• The cry she uttered was one she had never permitted herself before, because she made it her pride always to answer it herself-but she saw a man standing a few steps away, she did not see that he was a ragged bum, and she uttered the cry because it was the plea of reason and he was a human figure: "What are we going to do?"
  • It’s an interesting characteristic of epochs such as ours that people begin to be afraid of saying the things they want to say-and afraid, when questioned, to remain silent about things they’d prefer never to utter.
  • He glanced straight at her, his eyes drawn narrow by such an intensity of earnestness that the glance was almost a threat, and she knew that whatever the years had meant to him, "amusement" was the one word she had no right to utter.
  • But there was another, uglier dread: the sordid shape of self-sacrifice, the suspicion, not to be uttered about him, that he wished to remove himself from her path and let its emptiness force her back to the man who was his best-loved friend.
  • The most depraved sentence you can now utter is to ask: Whose reason?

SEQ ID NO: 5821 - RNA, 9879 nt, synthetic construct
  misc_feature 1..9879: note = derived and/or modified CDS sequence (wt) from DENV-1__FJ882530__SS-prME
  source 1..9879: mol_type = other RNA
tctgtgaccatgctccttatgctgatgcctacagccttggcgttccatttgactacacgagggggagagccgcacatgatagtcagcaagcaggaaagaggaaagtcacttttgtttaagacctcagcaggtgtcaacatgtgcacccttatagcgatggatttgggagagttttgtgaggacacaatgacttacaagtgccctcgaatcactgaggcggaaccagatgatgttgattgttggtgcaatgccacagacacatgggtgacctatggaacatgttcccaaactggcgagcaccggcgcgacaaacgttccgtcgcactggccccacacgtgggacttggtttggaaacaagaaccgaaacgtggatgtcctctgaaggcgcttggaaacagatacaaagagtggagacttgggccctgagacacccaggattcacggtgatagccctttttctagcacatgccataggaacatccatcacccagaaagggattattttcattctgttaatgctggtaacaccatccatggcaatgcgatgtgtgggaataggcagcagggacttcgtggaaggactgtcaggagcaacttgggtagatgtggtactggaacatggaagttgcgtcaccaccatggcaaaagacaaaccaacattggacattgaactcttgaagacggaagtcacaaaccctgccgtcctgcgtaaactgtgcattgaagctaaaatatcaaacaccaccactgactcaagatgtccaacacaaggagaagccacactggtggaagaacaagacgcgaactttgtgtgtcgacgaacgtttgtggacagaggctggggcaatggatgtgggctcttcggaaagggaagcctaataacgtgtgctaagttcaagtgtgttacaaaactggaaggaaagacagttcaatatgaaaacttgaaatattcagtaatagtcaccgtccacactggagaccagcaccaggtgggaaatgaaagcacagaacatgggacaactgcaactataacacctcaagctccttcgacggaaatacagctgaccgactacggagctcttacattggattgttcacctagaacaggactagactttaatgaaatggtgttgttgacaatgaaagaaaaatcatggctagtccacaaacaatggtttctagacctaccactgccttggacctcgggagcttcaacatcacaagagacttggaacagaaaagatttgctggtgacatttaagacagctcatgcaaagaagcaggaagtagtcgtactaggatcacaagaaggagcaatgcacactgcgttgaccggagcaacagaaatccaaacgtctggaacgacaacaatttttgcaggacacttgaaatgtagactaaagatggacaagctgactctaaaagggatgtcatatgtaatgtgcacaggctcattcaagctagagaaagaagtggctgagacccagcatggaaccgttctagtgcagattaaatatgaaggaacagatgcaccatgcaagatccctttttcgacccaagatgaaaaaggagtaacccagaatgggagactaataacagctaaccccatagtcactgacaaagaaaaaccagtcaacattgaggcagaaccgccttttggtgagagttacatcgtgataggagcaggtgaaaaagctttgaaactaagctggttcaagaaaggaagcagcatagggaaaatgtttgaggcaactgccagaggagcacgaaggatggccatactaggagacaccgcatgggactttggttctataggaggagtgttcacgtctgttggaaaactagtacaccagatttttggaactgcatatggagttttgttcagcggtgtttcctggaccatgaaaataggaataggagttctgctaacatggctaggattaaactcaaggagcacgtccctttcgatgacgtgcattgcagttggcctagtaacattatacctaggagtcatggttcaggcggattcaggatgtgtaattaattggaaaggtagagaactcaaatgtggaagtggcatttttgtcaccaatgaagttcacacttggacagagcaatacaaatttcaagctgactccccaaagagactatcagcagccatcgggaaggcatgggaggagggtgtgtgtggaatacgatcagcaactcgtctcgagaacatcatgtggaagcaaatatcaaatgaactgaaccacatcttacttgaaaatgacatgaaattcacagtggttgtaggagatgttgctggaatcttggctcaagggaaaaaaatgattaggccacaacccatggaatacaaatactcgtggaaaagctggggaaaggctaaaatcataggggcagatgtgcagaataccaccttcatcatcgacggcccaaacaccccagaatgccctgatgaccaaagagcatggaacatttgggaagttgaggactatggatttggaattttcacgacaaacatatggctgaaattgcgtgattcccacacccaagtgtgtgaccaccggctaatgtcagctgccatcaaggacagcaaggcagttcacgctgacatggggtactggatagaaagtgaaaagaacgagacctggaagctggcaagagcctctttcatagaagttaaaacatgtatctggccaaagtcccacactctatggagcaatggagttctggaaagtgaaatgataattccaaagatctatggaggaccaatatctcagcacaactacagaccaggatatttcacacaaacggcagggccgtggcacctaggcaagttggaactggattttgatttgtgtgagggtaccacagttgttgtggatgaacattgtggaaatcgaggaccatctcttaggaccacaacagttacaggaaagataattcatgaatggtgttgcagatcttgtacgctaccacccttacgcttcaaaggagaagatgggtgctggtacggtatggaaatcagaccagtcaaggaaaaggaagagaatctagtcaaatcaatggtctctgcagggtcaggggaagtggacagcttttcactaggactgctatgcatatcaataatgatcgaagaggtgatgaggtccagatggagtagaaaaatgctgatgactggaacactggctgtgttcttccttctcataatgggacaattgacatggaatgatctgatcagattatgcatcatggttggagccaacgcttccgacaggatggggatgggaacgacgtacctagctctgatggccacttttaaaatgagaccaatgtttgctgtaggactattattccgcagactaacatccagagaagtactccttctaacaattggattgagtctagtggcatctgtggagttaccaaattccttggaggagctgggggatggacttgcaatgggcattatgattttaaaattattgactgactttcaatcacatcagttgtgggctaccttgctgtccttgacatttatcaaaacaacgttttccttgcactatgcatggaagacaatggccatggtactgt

• Dr. Stadler could have regarded the sentence as conceivable, had it been uttered with hatred, envy or malice; but the absence of any such emotion, the casual ease of the voice, an ease suggesting a chuckle, hit him like a moment’s glimpse of a realm that could not be taken as part of reality; the thing spreading down to his stomach was cold terror.
  • Your friends in Washington never uttered a word about it.
  • She looked as if nothing could reach her, because her dying words had been uttered.
  • He was looking straight at her and she saw a brief sparkle in his eyes, which was not a smile, but almost as if he had heard the cry she had not uttered.
  • It was an experience she had not known since childhood —the experience of being held for three hours by a play that told a story she had not seen before, in lines she had not heard, uttering a theme that had not been picked from the hand-me-downs of the centuries.